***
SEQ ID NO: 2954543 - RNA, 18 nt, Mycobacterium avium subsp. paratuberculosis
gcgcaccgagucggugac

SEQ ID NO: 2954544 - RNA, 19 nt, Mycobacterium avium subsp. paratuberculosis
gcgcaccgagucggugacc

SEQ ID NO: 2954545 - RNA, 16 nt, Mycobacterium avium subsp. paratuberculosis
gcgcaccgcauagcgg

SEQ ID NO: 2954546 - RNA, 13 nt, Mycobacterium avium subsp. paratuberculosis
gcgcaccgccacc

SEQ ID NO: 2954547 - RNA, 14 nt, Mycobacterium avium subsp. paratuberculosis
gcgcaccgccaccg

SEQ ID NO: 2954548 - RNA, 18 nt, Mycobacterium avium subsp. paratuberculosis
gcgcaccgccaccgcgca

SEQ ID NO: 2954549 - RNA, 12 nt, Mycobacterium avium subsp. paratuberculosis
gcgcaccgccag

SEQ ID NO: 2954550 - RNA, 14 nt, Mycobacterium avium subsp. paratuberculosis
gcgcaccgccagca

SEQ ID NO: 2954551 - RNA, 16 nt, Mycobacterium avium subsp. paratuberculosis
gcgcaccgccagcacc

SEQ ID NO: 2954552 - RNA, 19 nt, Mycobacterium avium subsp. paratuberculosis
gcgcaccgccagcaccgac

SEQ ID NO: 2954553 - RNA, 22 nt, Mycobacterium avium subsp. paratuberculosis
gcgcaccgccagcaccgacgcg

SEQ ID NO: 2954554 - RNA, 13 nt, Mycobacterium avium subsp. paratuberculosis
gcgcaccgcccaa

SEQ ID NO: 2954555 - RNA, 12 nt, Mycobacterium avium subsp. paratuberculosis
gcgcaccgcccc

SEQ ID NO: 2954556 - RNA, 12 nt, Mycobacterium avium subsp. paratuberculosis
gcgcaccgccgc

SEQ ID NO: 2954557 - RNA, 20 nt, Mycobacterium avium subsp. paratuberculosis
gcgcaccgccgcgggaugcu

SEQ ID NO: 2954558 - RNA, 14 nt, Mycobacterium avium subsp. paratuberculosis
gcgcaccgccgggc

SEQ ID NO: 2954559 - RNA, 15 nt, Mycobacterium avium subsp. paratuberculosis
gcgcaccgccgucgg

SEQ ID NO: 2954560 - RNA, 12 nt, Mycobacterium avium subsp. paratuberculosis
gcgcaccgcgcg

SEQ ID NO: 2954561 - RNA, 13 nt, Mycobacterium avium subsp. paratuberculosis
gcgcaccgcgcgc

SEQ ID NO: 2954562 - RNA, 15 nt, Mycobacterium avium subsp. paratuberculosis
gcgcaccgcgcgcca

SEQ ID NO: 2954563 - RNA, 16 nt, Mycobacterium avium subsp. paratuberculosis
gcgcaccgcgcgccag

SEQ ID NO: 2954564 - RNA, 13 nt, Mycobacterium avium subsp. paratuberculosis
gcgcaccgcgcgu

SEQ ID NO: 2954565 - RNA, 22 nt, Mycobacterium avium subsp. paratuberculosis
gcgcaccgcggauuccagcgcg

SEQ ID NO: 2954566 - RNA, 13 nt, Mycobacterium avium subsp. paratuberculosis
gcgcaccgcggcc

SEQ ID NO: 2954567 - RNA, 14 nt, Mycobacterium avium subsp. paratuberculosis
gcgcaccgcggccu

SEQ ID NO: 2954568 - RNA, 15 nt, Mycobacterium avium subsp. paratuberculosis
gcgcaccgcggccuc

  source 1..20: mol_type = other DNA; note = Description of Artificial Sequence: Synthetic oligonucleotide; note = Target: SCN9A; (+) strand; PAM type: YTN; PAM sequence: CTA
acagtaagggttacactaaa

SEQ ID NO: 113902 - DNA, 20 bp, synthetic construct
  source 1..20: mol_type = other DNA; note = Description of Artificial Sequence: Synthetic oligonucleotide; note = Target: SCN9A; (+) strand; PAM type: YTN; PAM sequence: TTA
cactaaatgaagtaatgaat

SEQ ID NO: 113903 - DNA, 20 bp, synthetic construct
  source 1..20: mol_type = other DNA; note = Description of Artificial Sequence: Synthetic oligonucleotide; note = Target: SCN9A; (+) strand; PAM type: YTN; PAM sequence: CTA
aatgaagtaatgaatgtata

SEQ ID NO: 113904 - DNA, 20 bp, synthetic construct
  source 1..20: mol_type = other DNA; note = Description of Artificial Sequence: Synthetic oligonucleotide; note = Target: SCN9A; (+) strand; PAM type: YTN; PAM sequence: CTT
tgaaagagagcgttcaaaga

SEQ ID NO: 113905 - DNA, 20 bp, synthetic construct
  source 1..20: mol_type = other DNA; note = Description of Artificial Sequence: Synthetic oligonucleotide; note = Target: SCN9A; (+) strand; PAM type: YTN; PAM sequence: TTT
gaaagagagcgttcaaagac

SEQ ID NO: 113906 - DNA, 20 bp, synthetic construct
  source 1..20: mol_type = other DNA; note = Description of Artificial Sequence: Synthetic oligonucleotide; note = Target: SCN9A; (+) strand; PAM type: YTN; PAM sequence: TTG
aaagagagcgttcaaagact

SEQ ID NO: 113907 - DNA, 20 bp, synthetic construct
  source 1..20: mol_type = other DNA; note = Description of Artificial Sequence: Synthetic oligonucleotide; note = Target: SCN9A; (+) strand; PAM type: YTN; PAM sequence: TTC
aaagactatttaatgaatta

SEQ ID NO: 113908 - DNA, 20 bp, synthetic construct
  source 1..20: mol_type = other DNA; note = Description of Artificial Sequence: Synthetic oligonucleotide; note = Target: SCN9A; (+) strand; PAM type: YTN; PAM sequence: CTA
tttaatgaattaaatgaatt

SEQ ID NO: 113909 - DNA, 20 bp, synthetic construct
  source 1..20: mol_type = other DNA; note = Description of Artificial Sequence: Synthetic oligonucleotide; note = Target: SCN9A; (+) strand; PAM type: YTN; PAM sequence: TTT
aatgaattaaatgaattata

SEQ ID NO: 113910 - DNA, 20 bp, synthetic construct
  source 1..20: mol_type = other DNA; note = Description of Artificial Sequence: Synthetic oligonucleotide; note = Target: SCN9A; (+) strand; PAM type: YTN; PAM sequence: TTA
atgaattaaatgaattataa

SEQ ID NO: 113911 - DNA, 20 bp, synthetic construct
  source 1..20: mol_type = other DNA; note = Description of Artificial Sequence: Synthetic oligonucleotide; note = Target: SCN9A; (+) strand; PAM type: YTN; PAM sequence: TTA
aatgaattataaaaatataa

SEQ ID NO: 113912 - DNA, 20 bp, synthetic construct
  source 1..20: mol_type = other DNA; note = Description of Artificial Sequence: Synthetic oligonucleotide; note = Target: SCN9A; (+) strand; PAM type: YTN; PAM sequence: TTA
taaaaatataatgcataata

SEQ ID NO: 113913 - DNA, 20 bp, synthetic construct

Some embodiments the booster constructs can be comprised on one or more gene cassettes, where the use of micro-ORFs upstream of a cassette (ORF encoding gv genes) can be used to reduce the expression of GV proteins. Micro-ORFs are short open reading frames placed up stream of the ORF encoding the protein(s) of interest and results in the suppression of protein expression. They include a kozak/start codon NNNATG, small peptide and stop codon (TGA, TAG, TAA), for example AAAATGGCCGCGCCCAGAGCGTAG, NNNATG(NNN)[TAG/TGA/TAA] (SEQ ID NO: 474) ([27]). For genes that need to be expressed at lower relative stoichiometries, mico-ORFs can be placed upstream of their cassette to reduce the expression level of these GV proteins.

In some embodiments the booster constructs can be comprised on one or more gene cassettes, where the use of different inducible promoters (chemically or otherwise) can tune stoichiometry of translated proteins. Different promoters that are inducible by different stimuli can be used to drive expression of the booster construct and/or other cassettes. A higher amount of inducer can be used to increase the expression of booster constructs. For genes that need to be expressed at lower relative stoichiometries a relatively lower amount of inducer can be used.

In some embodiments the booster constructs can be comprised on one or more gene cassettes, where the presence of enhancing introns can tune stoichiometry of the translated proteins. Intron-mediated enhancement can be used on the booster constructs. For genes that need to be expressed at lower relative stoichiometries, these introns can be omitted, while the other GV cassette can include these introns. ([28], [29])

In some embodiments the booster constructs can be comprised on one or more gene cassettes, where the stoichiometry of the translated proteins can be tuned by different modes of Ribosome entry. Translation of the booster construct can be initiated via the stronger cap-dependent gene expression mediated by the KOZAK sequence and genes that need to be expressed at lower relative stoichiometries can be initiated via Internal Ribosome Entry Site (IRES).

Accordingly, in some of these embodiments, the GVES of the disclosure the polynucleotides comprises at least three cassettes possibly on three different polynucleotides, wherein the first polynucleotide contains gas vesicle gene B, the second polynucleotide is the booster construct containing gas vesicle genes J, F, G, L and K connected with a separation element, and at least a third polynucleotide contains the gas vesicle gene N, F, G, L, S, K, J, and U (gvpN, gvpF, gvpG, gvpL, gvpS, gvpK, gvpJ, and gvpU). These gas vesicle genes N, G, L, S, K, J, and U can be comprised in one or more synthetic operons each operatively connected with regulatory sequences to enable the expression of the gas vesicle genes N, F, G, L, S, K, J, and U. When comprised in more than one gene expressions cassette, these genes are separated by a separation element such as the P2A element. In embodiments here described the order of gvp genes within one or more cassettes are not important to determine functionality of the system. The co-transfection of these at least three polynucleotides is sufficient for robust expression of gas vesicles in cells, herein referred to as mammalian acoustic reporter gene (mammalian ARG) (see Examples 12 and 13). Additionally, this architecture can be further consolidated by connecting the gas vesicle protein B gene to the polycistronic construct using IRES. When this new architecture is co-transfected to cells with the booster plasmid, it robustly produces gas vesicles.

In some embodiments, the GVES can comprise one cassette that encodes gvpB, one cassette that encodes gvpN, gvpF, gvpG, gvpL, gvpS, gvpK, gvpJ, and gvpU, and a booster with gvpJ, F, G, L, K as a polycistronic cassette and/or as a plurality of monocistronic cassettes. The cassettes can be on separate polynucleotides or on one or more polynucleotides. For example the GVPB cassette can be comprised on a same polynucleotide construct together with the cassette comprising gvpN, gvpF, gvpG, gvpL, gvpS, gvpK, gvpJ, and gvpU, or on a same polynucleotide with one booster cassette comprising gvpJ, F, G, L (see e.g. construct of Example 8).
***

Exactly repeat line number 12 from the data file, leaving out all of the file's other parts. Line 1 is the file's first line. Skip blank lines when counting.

gcgcaccgccaccgcgca